The Johari Window

The Johari Window
The Johari Window is a communication
model that can be used to improve
understanding between individuals.
 Developed by Joseph Luft and Harry
Ingham (the word “Johari” comes from
Joseph Luft and Harry Ingham).
Two key ideas behind the tool:
Individuals can build trust between
themselves by disclosing information
about themselves.
 They can learn about themselves and
come to terms with personal issues with
the help of feedback from others.
Using the Johari model, each person is
represented by their own four-quadrant, or
four-pane, window. Each of these contains
and represents personal information feelings, motivation - about the person,
and shows whether the information is
known or not known by themselves or
other people.
The four quadrants are:
Quadrant 1: Open Area
 What is known by the person about
him/herself and is also known by others.
Quadrant 2: Blind Area, or "Blind Spot"
 What is unknown by the person about
him/herself but which others know. This
can be simple information, or can involve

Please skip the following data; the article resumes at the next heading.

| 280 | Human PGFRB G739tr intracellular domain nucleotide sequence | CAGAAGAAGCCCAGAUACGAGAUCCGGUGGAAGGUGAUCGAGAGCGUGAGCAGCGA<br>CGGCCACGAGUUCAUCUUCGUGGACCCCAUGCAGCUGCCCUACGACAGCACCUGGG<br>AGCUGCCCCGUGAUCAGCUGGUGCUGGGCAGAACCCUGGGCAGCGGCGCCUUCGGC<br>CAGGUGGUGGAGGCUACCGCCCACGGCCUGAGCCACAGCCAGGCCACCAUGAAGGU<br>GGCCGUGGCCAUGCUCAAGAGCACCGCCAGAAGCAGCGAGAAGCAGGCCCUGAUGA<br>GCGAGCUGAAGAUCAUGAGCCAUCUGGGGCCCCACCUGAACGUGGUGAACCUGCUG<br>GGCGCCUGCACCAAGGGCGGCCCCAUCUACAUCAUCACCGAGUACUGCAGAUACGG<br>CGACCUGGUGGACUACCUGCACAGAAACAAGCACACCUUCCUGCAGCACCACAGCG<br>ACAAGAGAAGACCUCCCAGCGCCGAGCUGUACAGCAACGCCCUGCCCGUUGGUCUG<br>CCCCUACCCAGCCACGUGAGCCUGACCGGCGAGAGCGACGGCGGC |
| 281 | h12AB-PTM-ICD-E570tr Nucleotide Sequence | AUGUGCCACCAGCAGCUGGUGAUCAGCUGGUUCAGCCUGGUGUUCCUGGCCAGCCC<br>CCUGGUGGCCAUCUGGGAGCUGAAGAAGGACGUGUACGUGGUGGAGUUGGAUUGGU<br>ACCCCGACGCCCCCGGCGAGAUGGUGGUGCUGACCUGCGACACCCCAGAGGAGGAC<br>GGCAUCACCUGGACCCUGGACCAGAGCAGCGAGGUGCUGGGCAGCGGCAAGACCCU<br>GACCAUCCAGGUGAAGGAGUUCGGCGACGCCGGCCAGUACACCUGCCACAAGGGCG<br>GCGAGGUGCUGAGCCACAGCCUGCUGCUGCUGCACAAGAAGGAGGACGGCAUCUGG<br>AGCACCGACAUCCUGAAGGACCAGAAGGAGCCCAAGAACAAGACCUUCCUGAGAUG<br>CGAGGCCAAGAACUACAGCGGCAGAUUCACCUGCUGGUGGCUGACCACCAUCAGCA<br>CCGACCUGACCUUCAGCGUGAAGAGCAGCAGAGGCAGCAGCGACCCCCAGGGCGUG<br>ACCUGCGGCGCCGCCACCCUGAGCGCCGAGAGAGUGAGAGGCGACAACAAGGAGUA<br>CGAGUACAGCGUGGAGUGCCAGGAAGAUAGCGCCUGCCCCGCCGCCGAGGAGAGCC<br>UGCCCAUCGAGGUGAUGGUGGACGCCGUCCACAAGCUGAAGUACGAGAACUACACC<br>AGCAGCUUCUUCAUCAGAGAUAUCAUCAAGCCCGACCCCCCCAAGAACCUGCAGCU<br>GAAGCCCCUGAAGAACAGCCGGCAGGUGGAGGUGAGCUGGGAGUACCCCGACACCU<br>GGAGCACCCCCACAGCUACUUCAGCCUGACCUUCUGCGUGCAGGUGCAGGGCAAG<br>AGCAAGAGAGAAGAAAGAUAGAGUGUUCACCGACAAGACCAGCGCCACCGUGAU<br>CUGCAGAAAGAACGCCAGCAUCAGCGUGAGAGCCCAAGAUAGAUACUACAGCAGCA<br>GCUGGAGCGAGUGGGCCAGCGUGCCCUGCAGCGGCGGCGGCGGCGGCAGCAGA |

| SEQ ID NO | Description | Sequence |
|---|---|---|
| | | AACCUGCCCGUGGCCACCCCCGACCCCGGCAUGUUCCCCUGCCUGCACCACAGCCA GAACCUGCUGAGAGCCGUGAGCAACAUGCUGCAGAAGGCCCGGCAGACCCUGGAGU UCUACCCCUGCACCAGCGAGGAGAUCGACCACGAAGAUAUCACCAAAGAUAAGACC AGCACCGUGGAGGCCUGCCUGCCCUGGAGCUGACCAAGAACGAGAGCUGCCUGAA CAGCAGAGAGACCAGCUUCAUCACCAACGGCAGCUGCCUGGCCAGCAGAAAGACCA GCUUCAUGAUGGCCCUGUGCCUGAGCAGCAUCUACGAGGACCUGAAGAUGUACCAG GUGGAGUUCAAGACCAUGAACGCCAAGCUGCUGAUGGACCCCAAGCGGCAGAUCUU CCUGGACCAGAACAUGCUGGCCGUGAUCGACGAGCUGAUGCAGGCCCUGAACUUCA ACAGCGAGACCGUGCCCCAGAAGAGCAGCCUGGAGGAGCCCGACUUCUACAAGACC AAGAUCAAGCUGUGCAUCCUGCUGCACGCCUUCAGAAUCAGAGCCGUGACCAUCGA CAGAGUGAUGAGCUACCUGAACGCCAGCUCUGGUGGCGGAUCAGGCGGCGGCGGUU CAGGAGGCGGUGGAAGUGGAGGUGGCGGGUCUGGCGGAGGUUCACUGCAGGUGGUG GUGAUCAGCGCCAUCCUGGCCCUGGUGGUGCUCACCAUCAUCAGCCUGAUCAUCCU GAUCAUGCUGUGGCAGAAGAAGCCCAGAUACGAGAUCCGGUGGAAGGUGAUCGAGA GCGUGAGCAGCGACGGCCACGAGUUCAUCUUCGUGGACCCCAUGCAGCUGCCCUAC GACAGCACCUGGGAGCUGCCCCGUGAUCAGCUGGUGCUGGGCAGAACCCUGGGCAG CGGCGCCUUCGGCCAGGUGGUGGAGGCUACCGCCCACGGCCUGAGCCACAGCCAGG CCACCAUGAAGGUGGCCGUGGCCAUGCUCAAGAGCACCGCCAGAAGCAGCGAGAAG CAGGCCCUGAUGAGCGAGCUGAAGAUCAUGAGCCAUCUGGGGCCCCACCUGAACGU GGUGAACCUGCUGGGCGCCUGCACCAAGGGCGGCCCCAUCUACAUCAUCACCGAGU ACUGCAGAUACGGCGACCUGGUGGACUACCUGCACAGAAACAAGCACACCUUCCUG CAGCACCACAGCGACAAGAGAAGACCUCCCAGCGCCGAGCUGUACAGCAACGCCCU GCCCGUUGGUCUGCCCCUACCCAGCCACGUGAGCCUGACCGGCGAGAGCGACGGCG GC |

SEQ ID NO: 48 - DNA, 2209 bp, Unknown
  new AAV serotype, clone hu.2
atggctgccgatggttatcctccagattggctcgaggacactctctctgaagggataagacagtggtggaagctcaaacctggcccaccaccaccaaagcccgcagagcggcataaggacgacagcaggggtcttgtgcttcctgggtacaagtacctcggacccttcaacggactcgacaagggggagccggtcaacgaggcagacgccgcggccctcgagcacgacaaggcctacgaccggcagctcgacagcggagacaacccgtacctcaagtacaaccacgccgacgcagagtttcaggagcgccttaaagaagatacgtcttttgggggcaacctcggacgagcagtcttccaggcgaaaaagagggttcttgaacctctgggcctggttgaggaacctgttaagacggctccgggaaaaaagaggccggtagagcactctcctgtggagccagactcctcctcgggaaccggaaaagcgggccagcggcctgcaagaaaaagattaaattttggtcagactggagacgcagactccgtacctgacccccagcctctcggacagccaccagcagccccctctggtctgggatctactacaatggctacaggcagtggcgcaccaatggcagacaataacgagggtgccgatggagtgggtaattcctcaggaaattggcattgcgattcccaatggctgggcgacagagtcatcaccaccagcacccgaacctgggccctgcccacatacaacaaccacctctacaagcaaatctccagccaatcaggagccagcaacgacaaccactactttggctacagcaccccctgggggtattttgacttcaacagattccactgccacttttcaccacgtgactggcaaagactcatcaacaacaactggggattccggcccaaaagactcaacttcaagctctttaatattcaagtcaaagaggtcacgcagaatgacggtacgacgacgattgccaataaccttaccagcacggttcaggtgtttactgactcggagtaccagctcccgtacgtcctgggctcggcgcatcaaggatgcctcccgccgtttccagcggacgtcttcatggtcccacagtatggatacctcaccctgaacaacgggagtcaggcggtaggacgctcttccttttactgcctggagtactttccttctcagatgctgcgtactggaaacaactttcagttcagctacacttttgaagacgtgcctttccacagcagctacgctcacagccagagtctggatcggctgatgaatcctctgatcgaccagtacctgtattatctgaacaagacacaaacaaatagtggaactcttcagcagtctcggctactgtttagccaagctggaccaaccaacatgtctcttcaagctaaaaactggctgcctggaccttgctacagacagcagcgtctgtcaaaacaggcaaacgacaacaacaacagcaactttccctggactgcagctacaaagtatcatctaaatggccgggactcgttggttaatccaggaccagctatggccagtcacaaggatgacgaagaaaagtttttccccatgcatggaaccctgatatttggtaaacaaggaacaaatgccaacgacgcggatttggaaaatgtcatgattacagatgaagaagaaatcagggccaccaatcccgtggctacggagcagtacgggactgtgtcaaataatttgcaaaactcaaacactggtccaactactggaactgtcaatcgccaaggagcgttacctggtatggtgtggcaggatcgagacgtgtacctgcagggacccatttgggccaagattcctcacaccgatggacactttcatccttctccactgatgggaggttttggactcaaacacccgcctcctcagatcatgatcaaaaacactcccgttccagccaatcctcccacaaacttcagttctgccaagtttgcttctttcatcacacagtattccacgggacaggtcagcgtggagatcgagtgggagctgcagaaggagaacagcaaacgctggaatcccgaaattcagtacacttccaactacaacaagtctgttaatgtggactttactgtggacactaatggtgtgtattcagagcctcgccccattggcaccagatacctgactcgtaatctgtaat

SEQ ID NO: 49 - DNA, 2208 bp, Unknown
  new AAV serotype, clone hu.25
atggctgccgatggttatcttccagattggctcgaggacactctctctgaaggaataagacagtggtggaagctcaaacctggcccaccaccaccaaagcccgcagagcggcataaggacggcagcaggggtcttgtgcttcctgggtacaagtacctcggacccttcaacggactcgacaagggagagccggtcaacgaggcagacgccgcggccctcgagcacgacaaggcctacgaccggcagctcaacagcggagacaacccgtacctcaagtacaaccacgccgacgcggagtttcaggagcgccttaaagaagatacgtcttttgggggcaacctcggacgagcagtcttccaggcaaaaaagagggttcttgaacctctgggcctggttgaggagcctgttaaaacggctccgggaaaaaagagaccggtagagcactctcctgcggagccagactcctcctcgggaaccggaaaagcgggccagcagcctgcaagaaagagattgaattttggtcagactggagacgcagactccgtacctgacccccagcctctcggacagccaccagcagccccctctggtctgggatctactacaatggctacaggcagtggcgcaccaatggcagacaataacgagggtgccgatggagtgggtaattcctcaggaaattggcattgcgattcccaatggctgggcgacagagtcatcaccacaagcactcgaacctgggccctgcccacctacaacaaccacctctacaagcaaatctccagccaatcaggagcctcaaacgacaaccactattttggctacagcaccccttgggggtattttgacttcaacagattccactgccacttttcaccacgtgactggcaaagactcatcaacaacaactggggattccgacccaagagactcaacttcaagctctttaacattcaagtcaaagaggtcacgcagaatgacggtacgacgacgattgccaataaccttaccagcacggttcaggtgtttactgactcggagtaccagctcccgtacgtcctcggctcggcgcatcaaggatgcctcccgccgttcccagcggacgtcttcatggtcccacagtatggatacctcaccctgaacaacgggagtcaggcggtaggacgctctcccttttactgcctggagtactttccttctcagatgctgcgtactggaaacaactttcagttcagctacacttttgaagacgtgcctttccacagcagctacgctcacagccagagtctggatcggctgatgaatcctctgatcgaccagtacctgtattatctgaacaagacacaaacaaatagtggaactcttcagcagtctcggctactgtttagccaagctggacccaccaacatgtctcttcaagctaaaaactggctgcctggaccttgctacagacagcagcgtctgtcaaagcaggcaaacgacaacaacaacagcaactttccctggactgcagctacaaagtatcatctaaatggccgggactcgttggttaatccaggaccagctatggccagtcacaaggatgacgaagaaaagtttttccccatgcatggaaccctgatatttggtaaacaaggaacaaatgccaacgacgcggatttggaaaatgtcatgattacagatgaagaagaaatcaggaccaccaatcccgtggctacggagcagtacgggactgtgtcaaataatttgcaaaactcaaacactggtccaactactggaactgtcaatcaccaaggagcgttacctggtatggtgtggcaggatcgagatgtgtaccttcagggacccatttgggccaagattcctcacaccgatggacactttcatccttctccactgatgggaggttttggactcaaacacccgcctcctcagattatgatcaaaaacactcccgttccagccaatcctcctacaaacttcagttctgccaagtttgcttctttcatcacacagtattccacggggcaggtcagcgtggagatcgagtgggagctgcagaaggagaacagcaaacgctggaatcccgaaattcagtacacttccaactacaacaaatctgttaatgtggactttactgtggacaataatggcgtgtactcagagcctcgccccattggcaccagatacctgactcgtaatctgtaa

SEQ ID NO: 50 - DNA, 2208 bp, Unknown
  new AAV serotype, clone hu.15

deep issues (for example, feelings of
inadequacy, incompetence, unworthiness,
rejection) which are difficult for individuals
to face directly, and yet can be seen by
Quadrant 3: Hidden or Avoided Area
 What the person knows about him/herself
that others do not.
Quadrant 4: Unknown Area
 What is unknown by the person about
him/herself and is also unknown by others.
Key Points:
In most cases, the aim in groups should be to develop
the Open Area for every person.
Working in this area with others usually allows for
enhanced individual and team effectiveness and
productivity. The Open Area is the ‘space’ where good
communications and cooperation occur, free from
confusion, conflict and misunderstanding.
Self-disclosure is the process by which people expand
the Open Area vertically. Feedback is the process by
which people expand this area horizontally.
By encouraging healthy self-disclosure and sensitive
feedback, you can build a stronger and more effective